As it turned out, Malaysia proved to be a fabulous experience after the downer of reacting so badly to the antibiotics. The Cameron Highlands lifted my spirits, it was such a quiet place, there was nothing to do bar take off on three to seven hour jungle walks ... and some days I was glad to get back to the very sociable guest house, the Cameronian Inn, in one piece.
Some of the trails were dangerously slippy and, apart from the seven hour trek with the guide, I did most of them on my own. I had visions of falling down a ravine, Jim Thompson style, as the Thai-silk entrepreneur came to a mysterious end there back in 1967.
How ironic I was staying in the Cameron Highlands when that twat called Cameron became the new British PM, but I met so many solo travellers with tales to swap that the place really reaffirmed my faith in my decision to take a year off and travel.
There was David, the lefty US academic who left his native soil during the Vietnam protests and hasn't returned; the two French nurses, enjoying a break from trying to make money in Australia; Eethan, the enthusiastic young American graduate, heading to East Timor to do voluntary work; and Thomas, who has retired to a tiny village outside Chiang Mai where his rent is a paltry 1,000 baht a month.
But, with a flight home from Bangkok looming on May 19, it was time to take to the road again, even if I felt I could have stayed on for another few days. I had a four hour bus trip down through the highlands to Butterworth, and then another four hour trip to the Thai city of Hat Yai. Crossing the Thai border, I was the only non-Asian on the bus or heading through customs .... a taste of things to come.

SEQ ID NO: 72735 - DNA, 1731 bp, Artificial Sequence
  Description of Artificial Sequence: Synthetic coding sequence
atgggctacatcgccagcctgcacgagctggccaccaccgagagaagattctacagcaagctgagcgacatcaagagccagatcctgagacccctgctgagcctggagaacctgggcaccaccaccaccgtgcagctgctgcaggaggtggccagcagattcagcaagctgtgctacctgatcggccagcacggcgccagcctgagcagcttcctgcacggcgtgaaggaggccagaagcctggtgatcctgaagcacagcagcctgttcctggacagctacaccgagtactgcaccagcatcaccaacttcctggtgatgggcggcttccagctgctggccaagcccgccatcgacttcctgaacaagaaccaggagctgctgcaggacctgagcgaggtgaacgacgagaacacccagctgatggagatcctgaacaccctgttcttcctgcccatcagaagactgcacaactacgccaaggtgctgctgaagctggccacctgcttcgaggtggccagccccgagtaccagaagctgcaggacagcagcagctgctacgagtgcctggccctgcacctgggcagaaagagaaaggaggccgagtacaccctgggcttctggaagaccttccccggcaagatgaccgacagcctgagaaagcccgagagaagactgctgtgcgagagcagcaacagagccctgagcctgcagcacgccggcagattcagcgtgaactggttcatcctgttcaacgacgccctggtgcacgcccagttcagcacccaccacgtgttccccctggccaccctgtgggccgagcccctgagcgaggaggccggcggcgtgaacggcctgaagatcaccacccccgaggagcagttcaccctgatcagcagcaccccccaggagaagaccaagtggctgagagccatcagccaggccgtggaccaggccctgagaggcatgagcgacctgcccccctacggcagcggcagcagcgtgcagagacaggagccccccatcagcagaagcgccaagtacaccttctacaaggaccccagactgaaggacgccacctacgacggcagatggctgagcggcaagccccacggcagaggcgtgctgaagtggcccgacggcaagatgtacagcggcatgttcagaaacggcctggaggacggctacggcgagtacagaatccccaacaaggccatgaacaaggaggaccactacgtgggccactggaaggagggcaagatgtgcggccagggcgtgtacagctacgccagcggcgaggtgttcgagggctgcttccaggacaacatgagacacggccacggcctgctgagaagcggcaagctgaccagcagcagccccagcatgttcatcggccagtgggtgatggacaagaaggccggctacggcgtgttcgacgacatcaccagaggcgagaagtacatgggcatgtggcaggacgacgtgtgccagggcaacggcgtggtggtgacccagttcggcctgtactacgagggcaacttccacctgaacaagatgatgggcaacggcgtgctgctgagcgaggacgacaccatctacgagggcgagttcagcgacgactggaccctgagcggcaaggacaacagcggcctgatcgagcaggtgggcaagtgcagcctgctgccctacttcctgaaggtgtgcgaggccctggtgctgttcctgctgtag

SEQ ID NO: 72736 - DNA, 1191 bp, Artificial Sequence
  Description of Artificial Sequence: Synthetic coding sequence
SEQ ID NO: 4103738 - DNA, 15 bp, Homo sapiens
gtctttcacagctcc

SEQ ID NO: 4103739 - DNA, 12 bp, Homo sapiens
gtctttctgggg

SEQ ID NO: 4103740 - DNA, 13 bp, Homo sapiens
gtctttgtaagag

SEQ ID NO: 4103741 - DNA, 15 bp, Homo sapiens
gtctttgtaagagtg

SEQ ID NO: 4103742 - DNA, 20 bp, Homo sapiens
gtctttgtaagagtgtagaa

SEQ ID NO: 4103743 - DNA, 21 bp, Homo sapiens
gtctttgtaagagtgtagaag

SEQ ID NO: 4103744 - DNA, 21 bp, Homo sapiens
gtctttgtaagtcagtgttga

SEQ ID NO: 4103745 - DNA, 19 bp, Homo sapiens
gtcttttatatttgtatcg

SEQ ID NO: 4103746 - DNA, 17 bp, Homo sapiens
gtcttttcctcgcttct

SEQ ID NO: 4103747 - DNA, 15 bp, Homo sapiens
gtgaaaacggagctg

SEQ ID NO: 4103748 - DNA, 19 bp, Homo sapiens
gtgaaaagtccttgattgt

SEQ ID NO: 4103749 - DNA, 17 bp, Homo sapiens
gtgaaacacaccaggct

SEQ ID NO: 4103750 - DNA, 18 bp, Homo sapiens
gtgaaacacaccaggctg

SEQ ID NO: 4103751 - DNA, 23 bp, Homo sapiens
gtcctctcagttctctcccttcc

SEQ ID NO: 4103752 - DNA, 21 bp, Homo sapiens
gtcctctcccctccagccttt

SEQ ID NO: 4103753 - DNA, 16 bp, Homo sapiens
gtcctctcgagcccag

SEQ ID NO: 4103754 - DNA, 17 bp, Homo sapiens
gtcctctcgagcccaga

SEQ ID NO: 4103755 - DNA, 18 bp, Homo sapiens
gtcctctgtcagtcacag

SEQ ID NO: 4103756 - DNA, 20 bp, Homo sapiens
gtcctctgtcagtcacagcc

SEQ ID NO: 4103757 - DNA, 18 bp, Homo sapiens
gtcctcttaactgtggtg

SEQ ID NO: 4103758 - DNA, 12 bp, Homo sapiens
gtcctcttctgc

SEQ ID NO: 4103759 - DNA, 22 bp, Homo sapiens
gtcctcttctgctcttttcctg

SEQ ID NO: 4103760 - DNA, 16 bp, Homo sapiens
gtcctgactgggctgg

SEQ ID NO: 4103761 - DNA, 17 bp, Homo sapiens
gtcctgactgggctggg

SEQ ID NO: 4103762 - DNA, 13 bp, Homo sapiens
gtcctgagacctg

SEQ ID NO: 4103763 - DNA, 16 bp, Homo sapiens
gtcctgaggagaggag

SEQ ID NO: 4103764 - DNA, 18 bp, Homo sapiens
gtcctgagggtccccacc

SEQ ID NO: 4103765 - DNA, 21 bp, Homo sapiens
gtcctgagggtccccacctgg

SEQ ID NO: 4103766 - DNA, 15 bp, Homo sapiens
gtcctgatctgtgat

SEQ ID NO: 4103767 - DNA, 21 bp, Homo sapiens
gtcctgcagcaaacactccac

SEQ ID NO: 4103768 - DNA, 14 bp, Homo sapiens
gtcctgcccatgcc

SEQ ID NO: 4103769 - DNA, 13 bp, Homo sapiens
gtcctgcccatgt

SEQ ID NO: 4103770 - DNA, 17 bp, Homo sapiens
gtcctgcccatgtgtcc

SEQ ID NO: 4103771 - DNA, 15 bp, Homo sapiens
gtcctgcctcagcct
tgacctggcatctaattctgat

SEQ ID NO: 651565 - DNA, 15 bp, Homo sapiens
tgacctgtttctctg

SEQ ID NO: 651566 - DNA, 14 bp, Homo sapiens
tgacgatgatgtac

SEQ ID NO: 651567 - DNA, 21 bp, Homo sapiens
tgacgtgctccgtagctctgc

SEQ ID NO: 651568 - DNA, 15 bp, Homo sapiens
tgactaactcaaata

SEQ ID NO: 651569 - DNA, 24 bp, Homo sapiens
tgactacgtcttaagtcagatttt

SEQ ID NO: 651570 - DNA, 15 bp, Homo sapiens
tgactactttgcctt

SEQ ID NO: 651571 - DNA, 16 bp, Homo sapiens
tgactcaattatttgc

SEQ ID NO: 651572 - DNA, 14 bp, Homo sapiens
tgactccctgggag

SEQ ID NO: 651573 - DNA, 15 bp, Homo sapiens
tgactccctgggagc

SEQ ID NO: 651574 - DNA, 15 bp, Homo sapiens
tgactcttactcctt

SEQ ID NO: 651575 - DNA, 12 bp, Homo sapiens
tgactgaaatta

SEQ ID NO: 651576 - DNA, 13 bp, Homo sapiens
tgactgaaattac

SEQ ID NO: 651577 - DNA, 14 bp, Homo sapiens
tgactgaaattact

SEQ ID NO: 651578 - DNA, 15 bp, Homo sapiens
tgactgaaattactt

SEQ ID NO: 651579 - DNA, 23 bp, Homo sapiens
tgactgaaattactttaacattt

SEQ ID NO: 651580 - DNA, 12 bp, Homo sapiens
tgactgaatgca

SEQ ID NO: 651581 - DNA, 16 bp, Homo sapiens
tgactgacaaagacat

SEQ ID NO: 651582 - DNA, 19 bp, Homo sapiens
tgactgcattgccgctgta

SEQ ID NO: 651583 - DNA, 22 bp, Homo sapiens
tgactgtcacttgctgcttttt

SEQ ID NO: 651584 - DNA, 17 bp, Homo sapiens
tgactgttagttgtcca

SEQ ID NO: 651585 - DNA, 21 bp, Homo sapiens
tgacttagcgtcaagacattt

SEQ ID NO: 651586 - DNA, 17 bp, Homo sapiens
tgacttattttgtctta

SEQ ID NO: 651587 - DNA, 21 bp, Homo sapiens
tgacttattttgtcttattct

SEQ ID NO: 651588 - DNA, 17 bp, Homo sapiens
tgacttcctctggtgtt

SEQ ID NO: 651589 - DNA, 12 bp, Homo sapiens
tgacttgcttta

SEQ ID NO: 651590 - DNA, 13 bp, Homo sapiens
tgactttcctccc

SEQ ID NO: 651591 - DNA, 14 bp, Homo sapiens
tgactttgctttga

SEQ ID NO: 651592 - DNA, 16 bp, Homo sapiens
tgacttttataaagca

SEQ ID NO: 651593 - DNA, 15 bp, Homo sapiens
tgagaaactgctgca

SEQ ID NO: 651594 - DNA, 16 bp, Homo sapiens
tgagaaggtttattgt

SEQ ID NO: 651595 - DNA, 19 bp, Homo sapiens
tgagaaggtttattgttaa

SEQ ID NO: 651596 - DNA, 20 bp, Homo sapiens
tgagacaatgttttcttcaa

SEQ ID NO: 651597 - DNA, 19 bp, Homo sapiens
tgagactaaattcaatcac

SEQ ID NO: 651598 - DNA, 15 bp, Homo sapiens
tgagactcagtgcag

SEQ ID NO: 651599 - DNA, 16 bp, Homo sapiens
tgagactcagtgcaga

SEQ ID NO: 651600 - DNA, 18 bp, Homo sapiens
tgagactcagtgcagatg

Understandably, given all the trouble with the Red Shirts and the various Government warnings, tourists have deserted Thailand at this stage. Not many Europeans come here in May at any rate, but the Thai tourism industry really is suffering right now.
After an uneventful night in Hat Yai, where the amount of security locks on my hotel door made me just a tad nervous, I faced another seven hour (smelly) road trip north to Chumphon. Again, I was the only 'farang' on the bus. After covering 15 hours by bus in two days, I was looking forward to some rest and I decided to hit for the beach at Hat Thung Wua Laen, where Reg had raved about the diving a few years ago, when he visited with his young family. A taxi out there, for what was about a 15k journey, set me back 300 baht.
I got a very nice bungalow right on the seafront for 700 baht, about 15 euros, but I was shocked at how deserted the place was. Over the next four days, I counted seven foreigners, including a pair of retired British codgers, who told me that a former SAS man, who wrote a sensational book about his military past, was running one of the area's two dive centres. Would I like to meet him? No thanks!
Actually, my ear still hadn't fully healed up, so I didn't fancy diving there at any rate, but I did manage a daily swim in the sea, with the aid of silicone ear plugs. But, God, there was nothing to do at what was literally a deserted beach. Supposedly, this is their peak season at the place which is known as a stop-off point for people on the way to Koh Tao.